The “broken” TV licence system is costing about 50 million euros in lost revenue each year, RTÉ’s television controller has said.
Adrian Lynch said there were more than a quarter of a million people who evade the licence fee and a further 140,000 households without a TV.
The director of audiences, channels and marketing at RTÉ added that the broadcaster was not looking to increase the licence fee, but instead wanting the licensing system overhauled.
“We’re not looking to higher the licence fee, we’re just looking to have it reformed and fixed,” he said.
“You’ve got about 140,000 no-TV homes and then you’ve got about 250,000 who don’t pay the licence fee,” he said.
“If you put all of that together you get 50 million euros and we’d be having a very different conversation in this room.” He made the comments at the joint Oireachtas Committee on Media, Tourism, Arts, Sport, Culture and the Gaeltacht.
It met on Wednesday to discuss public service broadcasting and the impact of Covid-19 on the media sector.
Mr Lynch said Covid-19 had caused an immediate “sharp drop” in licence fee revenue and a decline in advertising revenue. That drop was more than 30%.
He said commercial income in the fourth quarter of the year had “stabilised to some degree”, as had income from the TV licence, but the outlook for 2021 remained “uncertain”.
“The toll of Brexit on the national economy, and commercial performance, is unknowable, he said.
“The combination of a broken TV licence system and a precarious commercial environment exposes undeniable vulnerabilities for the national public service media.”
Despite these difficulties he told the committee that RTÉ would deliver its planned 60 million euro cost-cutting plans over three years as proposed by the director general last year.
He said that cost-cutting would be delivered through cost management, changes in the schedule and big sporting events being deferred to next year.
He said the broadcaster had revised the number of redundancies it was seeking from staff downwards from 200 to about 140 due to Covid-19.
He said 73 people were due to leave the National Symphony Orchestra and a voluntary exit package will be opened in January which will seek 60 to 70 people to leave at that point.
“Part of it is because we have been delivering such significant output and we’ve changed the way we are working significantly.
"There’s so much remote working and we really see that we need to keep these essential services on air.”
Mr Lynch told the committee RTÉ showed “clear public purpose” during this crisis and had also been a source of “companionship, diversion and connection for millions of people”.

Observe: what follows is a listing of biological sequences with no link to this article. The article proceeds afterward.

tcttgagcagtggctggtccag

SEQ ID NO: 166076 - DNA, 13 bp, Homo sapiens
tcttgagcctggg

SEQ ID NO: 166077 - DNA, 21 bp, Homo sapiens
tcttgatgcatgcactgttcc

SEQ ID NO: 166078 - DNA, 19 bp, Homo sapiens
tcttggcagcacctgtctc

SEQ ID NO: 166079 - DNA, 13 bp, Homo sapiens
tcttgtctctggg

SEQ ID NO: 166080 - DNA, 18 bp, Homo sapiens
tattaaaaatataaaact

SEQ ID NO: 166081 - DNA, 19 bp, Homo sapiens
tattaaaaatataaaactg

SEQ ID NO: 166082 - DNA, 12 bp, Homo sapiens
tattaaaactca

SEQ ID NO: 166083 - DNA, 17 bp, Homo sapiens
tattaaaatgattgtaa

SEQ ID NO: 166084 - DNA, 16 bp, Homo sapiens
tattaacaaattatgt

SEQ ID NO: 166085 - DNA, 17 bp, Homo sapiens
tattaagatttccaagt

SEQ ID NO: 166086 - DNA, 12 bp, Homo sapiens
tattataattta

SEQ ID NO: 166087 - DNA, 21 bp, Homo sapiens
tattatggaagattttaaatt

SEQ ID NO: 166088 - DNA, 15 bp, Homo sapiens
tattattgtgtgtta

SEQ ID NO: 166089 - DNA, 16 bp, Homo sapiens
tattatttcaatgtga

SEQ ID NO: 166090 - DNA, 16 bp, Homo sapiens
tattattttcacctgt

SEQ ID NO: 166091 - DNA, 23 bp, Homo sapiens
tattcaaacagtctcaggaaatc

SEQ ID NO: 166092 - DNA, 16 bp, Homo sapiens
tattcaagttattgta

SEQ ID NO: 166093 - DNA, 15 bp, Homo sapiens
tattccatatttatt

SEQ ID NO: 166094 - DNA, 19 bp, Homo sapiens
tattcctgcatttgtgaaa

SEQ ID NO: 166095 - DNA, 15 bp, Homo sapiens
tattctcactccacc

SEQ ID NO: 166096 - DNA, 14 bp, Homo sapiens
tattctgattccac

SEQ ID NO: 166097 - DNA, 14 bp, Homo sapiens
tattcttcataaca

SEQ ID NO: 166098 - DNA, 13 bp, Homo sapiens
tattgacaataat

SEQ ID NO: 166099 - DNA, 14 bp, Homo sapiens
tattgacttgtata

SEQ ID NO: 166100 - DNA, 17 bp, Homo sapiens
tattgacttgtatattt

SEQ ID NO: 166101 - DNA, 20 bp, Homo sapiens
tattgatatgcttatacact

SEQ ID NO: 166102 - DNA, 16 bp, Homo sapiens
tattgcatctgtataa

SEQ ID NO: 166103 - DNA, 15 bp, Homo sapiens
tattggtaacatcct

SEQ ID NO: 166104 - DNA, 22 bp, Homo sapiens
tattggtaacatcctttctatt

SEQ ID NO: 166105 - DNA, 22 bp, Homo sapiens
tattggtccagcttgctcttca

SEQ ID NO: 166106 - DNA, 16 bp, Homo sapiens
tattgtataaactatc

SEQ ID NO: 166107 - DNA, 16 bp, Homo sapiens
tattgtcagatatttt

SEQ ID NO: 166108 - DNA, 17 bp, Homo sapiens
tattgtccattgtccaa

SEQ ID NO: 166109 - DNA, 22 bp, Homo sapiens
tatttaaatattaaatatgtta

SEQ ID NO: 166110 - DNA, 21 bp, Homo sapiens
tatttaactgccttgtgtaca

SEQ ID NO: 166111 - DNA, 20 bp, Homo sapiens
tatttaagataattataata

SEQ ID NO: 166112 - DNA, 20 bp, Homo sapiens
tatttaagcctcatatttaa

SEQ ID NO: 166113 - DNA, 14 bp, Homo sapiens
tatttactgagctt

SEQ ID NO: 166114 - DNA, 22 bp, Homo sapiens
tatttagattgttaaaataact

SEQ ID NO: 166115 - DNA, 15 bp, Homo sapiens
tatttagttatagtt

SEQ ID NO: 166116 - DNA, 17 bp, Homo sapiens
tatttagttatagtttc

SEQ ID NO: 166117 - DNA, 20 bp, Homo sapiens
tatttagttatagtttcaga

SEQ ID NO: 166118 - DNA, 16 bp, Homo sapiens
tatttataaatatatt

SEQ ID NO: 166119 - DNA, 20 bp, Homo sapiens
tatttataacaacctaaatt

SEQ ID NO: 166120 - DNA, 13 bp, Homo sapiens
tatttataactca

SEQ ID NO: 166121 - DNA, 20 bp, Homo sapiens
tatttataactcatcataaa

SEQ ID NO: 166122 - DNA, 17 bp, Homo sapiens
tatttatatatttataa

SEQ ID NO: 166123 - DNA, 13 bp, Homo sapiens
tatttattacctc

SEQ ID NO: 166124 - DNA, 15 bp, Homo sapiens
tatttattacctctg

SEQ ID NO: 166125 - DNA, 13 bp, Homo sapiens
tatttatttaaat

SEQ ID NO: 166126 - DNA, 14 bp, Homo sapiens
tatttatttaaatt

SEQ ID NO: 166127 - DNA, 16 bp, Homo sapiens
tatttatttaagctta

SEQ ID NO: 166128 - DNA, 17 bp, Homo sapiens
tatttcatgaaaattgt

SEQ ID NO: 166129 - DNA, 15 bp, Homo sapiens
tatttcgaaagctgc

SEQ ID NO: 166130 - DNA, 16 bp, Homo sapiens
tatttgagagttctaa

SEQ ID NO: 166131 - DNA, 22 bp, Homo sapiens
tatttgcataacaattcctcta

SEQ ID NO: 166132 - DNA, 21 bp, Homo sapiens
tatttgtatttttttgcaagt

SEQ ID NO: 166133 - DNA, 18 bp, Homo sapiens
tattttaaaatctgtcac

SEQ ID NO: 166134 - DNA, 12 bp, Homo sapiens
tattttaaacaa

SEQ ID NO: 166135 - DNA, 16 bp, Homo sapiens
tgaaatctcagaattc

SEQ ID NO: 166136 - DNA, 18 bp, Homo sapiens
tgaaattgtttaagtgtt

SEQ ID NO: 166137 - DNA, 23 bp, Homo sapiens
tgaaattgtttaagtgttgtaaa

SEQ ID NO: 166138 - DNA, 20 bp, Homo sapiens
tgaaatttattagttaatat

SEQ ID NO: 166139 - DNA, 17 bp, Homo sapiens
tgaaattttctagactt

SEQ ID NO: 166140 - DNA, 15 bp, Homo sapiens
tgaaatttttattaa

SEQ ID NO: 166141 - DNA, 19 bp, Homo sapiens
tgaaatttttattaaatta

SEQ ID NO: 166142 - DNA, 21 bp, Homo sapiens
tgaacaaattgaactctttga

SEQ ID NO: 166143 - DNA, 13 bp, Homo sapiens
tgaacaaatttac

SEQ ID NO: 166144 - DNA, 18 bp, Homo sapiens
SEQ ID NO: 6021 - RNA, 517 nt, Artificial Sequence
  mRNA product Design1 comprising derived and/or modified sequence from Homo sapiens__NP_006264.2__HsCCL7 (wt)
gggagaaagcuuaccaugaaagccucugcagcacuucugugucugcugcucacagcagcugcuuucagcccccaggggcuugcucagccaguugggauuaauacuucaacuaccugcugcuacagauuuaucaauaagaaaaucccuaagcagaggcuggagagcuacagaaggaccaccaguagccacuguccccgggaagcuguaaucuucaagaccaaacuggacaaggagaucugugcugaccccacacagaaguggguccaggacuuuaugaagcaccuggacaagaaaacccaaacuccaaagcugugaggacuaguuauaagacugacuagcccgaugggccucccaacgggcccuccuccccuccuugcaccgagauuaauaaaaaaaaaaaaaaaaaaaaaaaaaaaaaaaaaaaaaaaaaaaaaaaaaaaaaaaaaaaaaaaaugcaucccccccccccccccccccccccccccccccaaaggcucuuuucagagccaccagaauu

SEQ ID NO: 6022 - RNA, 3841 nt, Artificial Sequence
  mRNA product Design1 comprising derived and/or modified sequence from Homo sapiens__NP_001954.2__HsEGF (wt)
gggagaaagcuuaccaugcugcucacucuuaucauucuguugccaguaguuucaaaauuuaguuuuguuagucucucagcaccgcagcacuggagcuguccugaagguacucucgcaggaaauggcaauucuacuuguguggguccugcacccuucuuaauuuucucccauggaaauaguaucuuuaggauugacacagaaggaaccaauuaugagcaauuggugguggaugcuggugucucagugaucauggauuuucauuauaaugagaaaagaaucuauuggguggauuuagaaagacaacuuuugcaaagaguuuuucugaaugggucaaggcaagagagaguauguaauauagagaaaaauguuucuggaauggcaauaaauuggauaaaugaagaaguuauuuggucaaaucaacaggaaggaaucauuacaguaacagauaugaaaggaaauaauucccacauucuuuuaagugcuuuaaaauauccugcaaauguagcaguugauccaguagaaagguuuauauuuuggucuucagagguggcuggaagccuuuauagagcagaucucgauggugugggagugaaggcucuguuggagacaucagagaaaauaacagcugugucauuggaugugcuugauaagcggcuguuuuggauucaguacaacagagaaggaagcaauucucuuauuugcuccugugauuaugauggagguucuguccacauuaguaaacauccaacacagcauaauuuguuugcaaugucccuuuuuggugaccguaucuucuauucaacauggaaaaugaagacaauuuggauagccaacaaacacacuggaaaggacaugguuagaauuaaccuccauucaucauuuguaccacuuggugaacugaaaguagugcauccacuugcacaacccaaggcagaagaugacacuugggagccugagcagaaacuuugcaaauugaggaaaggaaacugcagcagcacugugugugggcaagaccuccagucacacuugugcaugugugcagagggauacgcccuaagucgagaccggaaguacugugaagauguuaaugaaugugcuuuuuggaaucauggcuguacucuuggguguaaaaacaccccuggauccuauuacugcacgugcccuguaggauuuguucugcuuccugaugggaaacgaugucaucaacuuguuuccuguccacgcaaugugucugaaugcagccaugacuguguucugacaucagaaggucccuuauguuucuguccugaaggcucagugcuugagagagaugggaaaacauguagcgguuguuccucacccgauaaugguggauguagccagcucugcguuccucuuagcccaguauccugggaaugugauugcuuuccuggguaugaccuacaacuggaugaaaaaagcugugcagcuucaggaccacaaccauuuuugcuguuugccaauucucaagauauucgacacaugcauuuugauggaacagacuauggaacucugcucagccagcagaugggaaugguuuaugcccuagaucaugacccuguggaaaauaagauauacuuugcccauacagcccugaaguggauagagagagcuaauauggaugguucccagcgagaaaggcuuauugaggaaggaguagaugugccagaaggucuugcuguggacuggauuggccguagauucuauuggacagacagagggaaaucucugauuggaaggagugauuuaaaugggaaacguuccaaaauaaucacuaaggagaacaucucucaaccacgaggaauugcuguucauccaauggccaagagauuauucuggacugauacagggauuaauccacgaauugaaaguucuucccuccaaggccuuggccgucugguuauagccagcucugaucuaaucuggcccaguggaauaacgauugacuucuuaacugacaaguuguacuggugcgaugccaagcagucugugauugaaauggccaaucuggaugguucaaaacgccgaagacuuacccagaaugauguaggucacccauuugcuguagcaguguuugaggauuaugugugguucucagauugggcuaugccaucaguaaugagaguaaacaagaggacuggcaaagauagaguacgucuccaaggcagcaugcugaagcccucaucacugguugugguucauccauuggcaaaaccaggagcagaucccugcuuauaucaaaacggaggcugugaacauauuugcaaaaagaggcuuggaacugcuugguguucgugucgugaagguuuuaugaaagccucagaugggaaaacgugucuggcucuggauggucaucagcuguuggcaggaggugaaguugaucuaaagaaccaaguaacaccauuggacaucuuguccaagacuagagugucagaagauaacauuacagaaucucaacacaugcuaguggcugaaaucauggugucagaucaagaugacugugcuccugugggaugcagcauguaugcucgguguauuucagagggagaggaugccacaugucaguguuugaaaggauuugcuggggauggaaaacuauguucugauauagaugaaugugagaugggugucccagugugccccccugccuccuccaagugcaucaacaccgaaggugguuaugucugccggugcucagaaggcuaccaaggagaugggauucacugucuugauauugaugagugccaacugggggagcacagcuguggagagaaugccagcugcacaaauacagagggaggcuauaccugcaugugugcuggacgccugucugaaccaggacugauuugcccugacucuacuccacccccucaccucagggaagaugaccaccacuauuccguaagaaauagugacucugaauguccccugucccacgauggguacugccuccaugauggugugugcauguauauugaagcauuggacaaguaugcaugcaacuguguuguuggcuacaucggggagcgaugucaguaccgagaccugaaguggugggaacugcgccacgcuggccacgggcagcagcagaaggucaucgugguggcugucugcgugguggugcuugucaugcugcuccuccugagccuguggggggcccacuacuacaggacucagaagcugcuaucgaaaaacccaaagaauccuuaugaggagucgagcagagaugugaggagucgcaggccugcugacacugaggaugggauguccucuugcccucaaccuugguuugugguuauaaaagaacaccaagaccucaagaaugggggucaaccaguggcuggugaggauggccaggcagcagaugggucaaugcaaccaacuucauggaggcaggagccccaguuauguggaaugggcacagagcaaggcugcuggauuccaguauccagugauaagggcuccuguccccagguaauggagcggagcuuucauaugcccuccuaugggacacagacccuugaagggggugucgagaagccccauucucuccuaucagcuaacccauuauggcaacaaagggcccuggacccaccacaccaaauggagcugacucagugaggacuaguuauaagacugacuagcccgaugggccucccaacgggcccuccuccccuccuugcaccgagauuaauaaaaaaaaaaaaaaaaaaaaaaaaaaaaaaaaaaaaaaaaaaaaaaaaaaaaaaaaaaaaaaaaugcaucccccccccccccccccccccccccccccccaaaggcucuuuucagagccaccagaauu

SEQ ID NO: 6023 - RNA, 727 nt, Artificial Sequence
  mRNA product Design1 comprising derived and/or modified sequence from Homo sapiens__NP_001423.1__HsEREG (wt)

NUJ Irish secretary Seamus Dooley told the committee the union was “gravely concerned” for the future of public service broadcasting in Ireland.
Mr Dooley said the Media Minister Catherine Martin had provided “precious little clarity” on how the department proposed to assist in addressing the financial situation in RTÉ.
“There was no real recognition of the tsunami, which is engulfing the newspaper sector, in particular the regional press,” he said.
“The focus on independent production within broadcasting ignores the existence of freelance workers – writers, photographers and videographers.”
He said the union welcomed that the Future of Media Commission had commenced its work but he warned: “If we don’t see immediate action there will be no future for many media workers.”
At the onset of the pandemic, Mr Dooley said the NUJ had called for a forum on the crisis facing the media industry.
“While initiatives were taken in respect of tourism, hospitality and the arts, no immediate, substantial measures were taken to assist the media apart from the welcome initiative in respect of independent commercial radio,” he said.
“While employment in the print, broadcasting and digital sector is not comparable to tourism, the implications for democracy, of a diminished media sector should be of concern to this committee.”
John Purcell, chairman of the Independent Broadcasters of Ireland, called for an emergency taskforce to be established during the pandemic to assist media workers.
Mr Purcell welcomed the establishment of the Commission of the Future of Media but warned that action to support the sector cannot wait until the conclusion of the process.
“We need action now to enable the survival of our services through the protracted Covid crisis which has intensified the already severe threats being faced by our broadcasters,” he told the committee.
“The Government and the minister cannot wait for the conclusion of the Commission on Media process to take action to ensure the survival of Irish broadcasting. If you do it will be too late for many.” He added: “The situation is very urgent, time is of the essence and action speaks louder than words.”